Diseases from Wild Blackberry Plants

I have been working hard to eliminate my wild bramble plants near my woods. Here is what I’ve found:

The deformed leaves are the blackberry phylid damage. I believe the white stuff is the downy mildew. Both of them are really bad stuff. I have a neglected blackberry plant and each year the blackberry phylid got it.

This year, I had some early blackberry phylid damage and I spotted early and cut off the damaged parts and threw away. The first year canes are now 5’ long and shows no disease damage. The only complaint I have now is that, the few berries from the old canes are not fully grown. Some sources say this is from another disease.

Now I have more things to do over the weekends, trying to yank out all wild bramble plants.

I don’t know what that white stuff is but its not downy mildew I don’t think. I also got it with the psyllid so maybe they are related. My Triple Crown patch got this quite a few years ago but I cut out the worst and sprayed soap on the rest and it eventually went away.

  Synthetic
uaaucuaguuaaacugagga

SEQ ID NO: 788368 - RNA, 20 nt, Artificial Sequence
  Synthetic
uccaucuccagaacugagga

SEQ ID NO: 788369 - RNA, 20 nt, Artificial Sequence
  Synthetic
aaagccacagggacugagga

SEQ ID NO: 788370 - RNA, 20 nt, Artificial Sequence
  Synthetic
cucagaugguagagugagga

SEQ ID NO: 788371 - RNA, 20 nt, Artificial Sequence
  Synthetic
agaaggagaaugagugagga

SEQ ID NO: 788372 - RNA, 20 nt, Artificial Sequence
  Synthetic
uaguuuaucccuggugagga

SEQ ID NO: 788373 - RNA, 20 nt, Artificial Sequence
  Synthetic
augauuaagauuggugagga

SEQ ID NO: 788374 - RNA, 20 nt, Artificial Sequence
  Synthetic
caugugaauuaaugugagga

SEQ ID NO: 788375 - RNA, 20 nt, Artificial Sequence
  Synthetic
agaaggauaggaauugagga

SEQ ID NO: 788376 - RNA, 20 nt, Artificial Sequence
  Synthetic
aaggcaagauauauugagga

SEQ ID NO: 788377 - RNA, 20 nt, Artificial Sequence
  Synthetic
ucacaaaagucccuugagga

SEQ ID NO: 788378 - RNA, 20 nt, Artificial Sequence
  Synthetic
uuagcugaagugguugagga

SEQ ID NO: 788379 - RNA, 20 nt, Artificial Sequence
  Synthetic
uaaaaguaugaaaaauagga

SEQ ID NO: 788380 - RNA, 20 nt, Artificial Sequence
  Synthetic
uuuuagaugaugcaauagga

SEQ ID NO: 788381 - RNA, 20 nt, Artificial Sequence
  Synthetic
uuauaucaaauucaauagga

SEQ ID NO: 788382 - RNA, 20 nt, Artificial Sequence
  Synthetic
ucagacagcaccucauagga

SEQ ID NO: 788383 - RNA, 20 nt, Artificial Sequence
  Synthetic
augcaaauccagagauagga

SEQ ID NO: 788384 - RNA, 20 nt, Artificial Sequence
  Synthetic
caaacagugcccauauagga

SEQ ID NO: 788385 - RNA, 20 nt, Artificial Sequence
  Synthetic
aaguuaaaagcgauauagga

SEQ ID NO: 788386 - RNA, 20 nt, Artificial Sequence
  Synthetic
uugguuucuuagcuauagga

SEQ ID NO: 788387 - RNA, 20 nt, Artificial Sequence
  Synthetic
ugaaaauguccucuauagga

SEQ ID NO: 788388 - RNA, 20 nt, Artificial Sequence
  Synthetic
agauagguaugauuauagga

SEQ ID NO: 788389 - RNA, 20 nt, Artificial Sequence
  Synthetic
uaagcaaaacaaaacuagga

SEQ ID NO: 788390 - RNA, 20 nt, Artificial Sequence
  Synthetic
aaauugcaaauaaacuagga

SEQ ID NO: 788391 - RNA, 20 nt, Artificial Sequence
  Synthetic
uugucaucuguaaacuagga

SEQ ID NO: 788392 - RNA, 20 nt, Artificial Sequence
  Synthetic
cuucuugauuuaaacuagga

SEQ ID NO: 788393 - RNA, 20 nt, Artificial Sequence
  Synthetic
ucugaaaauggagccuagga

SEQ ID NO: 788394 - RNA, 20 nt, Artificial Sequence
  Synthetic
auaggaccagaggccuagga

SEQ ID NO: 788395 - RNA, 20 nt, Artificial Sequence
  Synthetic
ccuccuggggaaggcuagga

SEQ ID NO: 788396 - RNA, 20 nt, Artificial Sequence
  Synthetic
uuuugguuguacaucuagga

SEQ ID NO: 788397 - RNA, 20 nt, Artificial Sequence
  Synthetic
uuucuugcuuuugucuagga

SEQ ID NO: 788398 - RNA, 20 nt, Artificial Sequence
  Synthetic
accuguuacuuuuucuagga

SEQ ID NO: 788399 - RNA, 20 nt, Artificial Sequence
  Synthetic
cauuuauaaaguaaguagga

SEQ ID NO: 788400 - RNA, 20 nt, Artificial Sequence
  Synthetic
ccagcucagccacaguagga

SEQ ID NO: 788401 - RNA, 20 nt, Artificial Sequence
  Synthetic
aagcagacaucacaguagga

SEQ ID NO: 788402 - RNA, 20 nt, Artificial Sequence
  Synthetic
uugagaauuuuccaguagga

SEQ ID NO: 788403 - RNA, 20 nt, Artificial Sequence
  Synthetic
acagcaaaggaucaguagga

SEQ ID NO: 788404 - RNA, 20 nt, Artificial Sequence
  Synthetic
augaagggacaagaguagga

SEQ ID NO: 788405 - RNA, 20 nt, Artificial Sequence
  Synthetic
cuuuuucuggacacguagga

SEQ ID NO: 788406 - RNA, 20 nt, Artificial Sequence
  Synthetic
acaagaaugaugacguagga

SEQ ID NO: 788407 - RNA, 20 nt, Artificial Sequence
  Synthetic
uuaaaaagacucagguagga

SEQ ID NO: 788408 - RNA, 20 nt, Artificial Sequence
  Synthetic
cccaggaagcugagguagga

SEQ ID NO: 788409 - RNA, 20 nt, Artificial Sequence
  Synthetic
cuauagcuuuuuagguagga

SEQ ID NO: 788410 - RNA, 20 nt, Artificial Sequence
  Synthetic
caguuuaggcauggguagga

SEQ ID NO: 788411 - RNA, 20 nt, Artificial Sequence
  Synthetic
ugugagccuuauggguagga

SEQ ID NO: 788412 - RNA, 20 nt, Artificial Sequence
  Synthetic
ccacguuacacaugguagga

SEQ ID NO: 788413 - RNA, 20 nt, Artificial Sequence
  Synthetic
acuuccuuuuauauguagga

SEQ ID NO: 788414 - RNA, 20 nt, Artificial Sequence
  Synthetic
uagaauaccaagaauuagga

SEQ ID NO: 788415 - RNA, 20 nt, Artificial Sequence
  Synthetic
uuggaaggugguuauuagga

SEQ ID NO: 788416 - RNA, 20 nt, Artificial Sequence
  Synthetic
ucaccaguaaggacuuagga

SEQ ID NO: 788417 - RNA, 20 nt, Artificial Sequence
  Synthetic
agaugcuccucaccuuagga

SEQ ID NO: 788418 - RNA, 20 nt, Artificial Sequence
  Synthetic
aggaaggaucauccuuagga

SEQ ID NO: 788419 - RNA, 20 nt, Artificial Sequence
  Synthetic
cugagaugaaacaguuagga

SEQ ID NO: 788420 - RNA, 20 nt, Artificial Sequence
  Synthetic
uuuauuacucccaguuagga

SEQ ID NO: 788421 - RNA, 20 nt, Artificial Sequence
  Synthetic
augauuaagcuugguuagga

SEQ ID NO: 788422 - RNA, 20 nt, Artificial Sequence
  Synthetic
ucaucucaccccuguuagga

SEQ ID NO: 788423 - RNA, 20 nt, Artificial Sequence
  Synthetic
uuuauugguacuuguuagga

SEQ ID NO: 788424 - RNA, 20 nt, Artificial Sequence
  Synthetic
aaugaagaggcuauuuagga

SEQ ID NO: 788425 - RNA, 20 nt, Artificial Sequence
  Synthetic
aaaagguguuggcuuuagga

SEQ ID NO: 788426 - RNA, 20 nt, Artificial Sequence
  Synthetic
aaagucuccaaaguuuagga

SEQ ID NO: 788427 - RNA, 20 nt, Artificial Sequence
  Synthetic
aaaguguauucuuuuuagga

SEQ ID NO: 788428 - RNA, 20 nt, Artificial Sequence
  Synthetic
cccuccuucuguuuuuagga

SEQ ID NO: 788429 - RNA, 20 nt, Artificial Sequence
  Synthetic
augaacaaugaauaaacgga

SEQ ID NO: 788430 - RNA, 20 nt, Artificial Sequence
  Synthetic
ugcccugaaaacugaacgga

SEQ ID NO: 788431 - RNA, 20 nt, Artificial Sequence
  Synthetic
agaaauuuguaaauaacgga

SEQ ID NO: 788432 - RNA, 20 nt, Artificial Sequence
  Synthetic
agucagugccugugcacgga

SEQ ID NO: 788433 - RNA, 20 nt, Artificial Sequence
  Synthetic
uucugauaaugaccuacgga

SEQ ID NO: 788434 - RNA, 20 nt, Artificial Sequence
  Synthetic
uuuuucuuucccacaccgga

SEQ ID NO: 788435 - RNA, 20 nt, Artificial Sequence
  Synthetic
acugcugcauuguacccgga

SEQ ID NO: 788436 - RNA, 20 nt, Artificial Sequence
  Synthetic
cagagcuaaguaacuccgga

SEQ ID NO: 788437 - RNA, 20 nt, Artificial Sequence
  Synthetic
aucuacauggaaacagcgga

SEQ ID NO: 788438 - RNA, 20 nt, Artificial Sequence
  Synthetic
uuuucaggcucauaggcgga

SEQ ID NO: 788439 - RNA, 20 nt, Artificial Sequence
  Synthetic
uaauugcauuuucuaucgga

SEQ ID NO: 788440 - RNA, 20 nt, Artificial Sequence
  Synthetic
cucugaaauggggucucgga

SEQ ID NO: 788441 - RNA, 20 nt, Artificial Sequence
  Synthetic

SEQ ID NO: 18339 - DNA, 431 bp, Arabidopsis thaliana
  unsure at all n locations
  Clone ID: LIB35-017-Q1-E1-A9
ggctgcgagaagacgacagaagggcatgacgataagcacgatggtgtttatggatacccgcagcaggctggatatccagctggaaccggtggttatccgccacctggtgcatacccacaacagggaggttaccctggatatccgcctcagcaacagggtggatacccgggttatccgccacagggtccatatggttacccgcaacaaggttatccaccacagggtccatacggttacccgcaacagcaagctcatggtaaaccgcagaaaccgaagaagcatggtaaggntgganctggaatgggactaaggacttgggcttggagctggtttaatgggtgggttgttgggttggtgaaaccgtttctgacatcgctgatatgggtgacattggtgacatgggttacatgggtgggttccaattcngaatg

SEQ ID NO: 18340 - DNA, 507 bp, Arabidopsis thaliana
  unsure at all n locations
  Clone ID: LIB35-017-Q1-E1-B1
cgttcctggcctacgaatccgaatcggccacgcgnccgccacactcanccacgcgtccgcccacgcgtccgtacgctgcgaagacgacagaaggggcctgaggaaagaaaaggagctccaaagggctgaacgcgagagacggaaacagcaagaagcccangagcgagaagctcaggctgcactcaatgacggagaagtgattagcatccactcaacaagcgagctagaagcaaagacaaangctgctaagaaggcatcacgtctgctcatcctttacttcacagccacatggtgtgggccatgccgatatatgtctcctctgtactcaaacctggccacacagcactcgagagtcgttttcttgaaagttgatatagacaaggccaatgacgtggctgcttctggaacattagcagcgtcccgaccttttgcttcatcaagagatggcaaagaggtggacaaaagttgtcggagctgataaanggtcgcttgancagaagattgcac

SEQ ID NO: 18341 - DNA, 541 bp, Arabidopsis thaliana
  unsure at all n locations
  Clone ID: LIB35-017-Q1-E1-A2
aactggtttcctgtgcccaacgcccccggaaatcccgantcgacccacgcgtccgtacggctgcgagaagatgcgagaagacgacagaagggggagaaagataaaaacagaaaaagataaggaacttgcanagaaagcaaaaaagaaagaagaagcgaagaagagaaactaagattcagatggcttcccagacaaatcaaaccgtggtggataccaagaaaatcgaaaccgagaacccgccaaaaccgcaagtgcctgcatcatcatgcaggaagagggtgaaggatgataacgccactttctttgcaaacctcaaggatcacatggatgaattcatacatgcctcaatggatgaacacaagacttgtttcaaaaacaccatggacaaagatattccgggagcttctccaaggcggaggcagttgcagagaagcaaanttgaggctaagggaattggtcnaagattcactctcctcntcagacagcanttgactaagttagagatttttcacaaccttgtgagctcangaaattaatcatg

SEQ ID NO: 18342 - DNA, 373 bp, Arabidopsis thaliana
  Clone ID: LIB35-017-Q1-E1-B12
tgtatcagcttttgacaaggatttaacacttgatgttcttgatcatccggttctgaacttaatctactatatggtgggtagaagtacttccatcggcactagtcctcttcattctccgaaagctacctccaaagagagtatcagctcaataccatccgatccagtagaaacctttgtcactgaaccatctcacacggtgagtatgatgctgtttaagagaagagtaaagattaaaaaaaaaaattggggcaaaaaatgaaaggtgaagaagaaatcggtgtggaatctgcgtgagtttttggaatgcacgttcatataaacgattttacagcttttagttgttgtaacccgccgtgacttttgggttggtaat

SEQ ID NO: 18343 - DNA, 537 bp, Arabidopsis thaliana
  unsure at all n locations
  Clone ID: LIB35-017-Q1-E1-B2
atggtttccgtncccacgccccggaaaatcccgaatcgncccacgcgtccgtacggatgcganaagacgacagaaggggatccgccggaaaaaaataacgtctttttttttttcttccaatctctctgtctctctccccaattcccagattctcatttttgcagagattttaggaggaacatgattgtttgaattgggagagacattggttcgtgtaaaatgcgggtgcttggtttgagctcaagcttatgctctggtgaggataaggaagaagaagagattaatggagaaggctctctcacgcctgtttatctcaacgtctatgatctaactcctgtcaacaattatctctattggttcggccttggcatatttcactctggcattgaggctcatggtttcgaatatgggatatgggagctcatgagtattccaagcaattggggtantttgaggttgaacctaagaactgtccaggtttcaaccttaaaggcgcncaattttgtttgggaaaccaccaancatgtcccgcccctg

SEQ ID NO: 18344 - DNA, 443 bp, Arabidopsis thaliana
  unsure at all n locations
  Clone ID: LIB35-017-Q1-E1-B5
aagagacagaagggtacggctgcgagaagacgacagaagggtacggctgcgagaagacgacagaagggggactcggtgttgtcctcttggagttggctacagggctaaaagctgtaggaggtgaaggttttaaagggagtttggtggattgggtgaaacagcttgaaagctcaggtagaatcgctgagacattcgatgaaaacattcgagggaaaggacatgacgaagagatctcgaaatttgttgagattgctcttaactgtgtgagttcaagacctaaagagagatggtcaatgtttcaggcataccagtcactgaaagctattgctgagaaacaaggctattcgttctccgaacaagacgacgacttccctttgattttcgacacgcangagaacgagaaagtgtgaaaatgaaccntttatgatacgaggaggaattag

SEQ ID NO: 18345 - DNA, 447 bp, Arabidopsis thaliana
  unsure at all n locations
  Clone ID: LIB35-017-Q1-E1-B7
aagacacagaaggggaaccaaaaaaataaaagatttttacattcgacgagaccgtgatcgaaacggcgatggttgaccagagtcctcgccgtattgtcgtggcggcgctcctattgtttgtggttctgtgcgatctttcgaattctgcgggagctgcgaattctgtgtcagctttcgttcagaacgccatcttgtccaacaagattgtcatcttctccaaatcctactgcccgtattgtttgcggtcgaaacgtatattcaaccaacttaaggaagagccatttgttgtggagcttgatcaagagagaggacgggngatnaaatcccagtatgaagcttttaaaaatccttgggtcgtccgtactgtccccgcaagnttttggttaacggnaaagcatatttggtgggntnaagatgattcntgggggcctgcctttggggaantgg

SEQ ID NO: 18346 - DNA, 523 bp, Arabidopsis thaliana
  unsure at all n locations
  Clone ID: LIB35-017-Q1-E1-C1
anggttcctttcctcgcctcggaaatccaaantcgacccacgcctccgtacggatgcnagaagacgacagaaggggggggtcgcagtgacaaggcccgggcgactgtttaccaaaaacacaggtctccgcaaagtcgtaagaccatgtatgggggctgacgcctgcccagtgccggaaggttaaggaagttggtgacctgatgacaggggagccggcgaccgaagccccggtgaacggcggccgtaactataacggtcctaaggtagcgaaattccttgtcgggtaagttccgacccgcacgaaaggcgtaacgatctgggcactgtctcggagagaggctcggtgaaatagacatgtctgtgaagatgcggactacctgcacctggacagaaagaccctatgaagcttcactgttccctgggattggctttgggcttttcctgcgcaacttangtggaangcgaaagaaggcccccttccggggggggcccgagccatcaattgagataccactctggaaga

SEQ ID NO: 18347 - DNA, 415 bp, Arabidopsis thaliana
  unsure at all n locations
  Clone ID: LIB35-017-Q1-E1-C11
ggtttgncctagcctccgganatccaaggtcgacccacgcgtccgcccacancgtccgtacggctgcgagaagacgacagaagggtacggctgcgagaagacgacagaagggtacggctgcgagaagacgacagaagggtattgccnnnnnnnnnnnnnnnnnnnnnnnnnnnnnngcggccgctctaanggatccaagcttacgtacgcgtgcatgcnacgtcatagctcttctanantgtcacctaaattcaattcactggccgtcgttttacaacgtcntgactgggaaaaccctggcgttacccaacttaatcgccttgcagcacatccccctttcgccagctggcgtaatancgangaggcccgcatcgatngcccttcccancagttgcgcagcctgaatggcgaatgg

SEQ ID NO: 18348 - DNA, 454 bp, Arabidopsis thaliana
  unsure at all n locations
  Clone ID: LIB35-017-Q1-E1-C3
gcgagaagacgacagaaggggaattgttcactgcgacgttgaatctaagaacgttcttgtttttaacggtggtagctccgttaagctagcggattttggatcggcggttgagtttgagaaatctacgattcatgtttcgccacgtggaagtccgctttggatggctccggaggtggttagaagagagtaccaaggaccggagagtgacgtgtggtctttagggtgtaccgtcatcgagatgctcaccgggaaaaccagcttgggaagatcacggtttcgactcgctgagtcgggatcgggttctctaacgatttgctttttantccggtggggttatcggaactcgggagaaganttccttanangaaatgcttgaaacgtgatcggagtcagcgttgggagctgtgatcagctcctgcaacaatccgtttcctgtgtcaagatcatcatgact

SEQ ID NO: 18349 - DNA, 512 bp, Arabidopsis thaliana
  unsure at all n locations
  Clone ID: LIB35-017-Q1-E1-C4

The white stuff looks like wooly aphids. I have never seen it on blackberry, but a lot on apples

I found similar white coated stuff under my clivia leaves. The green leaves turned yellow and died. So I washed the leaves with mixed oil, baking powder spray.

It looks exactly like the wooly aphids that attacked my blackberries. Some of my apples also get attacked, but they seem to prefer my blackberries

The White stuff is psyllid excreted GOOP that’s what they do.

This is a photo of citrus psyllid but the blackberry psyllid do the same thing.

Photograph credit: David Liittschwager

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The white powder stuff on the blackberry looks somehow different. I noticed the same type of white powder stuff on my clivia and orchid. I think this has something to do with our very humid and wet raining late spring season. I had root rot with my Thanksgiving cactus and orchid cactus. All of them were outside in pots and received all the rains.

The blackberry plants are at the edge of the wooded area.

Could be small leaf hoppers,(peek-a-boo bugs) they love wet weather.
You will find them on the vertical stems, they hide as you move hence the common name peek-a-boo bugs.